Santorum Says Romney’s Hit ‘Suggests We Are on the Move’

Jan 2, 2012 7:51am

ROCK RAPIDS, Iowa – Leaving his second campaign event on New Year’s Day, Rick Santorum responded to a dig thrown his way by the campaign’s front-runner, Mitt Romney, who Sunday called him a “career politician.”

“It’s just pretty funny,” Santorum told ABC News as he left his event in Orange City. “I mean, I didn’t spend my entire career, I worked as a lawyer, I worked in private sector working in a small technology company for three years and done other things in the private sector, been on corporate boards and managed those things. So Gov. Romney suggests that if you’ve served three terms in the House and two terms in the Senate because you won elections where he has not won elections that somehow or another you are a career politician.”

He said being in the front-runner’s sights “suggests we are on the move.”

“We are resonating with the people of this state and I think we are going to resonate with the people of this country because I think we reflect the values of the people a lot better than the folks in the field, at least I hope that’s the case,” Santorum said.

At his three events Sunday, Santorum was excited, enthusiastic and clearly buoyed by Saturday night’s Des Moines Register poll that showed the former Pennsylvania senator surging in the final two days of polling. At Romney’s event Sunday in Atlantic, Iowa, he compared Santorum to Newt Gingrich’s aiming to paint them both as lifelong politicians.

“Like Speaker Gingrich, Sen. Santorum has spent his career in the government, in Washington; nothing wrong with that, but it’s a very different background than I have, and I think that the people of this country recognize that with our economy as the major issue we face right now that it would be helpful to have someone who understands the economy firsthand, who’s spent the bulk of his career working in the private sector,” Romney said, adding that his new rival “has worked hard. I wouldn’t be surprised if we see him do well on Tuesday night.”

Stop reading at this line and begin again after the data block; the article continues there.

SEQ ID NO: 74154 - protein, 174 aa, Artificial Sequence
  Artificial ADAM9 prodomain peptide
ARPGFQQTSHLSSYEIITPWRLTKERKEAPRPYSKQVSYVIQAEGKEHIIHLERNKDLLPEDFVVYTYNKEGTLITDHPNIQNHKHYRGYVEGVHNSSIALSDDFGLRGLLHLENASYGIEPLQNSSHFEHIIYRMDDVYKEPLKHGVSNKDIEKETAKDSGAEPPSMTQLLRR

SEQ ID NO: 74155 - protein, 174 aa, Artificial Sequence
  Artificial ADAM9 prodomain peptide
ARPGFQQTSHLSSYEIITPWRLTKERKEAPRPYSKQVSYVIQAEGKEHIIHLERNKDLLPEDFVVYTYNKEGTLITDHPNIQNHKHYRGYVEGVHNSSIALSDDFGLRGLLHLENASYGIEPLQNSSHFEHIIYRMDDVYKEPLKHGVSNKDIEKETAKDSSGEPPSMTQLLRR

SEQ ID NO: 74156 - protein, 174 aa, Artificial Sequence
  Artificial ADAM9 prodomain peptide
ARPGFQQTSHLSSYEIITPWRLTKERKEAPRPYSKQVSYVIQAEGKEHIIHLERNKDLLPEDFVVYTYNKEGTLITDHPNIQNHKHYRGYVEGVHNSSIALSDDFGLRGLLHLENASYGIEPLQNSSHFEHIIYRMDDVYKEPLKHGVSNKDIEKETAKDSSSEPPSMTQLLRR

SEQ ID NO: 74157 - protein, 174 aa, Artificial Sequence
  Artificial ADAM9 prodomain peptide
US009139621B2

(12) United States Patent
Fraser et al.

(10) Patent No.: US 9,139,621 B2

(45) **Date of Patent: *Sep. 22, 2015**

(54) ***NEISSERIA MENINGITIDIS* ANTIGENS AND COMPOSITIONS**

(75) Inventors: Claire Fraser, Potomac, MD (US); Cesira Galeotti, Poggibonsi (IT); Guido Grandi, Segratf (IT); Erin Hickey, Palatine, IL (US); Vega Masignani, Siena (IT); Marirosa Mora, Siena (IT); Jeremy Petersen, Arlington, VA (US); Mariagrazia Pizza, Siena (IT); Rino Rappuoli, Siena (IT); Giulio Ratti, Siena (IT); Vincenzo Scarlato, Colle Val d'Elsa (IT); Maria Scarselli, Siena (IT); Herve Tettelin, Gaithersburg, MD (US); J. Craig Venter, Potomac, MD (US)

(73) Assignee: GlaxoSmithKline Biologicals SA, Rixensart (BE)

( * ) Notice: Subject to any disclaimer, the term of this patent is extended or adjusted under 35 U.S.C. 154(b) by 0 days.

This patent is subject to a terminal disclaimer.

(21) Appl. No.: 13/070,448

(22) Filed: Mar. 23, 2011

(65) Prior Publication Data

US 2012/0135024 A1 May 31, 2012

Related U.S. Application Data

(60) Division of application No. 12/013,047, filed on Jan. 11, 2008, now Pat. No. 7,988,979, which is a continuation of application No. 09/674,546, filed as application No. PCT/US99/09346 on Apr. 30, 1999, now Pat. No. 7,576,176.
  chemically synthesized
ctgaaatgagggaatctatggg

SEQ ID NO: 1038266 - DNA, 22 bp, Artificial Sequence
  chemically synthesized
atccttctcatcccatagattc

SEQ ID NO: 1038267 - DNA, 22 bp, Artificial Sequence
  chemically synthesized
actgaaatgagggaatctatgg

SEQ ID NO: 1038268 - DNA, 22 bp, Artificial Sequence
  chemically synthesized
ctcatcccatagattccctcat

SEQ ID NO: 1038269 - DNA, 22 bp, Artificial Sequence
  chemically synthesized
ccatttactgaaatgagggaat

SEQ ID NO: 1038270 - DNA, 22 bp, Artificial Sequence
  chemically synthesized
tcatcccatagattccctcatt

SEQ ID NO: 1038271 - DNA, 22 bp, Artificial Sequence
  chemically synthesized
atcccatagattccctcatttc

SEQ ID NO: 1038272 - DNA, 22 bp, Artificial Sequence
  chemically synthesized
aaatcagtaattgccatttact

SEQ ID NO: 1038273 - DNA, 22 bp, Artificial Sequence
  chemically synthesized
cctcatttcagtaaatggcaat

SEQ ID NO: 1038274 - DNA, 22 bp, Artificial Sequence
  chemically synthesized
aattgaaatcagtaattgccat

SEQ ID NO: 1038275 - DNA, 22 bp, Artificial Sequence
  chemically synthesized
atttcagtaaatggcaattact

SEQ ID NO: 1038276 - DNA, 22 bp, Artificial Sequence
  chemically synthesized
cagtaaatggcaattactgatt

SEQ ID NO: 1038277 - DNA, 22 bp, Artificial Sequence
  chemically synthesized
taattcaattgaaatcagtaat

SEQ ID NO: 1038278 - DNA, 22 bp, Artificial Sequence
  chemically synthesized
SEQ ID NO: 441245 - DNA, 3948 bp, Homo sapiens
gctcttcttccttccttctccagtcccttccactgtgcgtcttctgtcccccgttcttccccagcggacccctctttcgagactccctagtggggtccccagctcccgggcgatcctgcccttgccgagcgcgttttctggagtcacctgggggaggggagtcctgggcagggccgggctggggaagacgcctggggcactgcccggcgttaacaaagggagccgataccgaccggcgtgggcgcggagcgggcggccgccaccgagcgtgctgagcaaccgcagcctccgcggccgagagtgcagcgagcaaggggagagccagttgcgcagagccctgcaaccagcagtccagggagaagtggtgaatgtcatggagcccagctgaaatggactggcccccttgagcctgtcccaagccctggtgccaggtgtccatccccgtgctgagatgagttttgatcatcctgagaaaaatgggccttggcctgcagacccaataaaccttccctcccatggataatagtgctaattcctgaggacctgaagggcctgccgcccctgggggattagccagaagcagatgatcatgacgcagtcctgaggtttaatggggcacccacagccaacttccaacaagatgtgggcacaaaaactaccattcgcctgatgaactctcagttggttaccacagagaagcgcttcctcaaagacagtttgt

Crowds throughout the day were enthusiastic and much bigger than those that have turned out for Santorum on the trail.

In Orange City, more than 200 people sat in the basement of a bank to listen to the candidate.

As he gave his closing argument to voters, he told them about his grandfather who immigrated to America from Italy. He often mentions him on the stump, but Sunday he seemed emotional, choking up while giving the final pitch.

“Do not miss, do not miss. This country is too important,” Santorum said.

At Santorum’s first event in Sioux City, two of the men introducing him, talk radio host Sam Clovis and author Brad Thor, broke down in tears when speaking about why they are backing Santorum.

For the second time in two back-to-back events, he was asked by a supporter what to say to friends who don’t like him because of the candidate’s 2004 Senate endorsement of Arlen Specter over the more conservative Pat Toomey.

In Orange City, Santorum repeated his defense: he did it to ensure Specter’s support to confirm President Bush’s Supreme Court nominees.

It’s an issue he’s had to deal with here throughout his campaign. Anonymous groups often place fliers in cars at his events connecting the two. Friday, a flier placed in cars in Ames called the strident anti-abortion rights supporter a “pro-life fraud.”

In Rock Rapids, Santorum was again greeted by a packed room with about 150 voters in another bank basement. Santorum spoke and took questions for almost two hours and told the crowd the country needs a “clear contrast conservative.”

“We need dramatic change in Washington,” Santorum said, stressing that voters “can’t settle” for the candidate that others may think is more electable, but is too similar to President Obama. Although he didn’t mention Romney by name, he was clearly referencing him.

“We need bright, bold colors, not pale pastels,” he said, repeating a phrase of Ronald Reagan’s, pitching himself just two days before the caucuses that he’s the only candidate who can bring that dramatic change to Washington.

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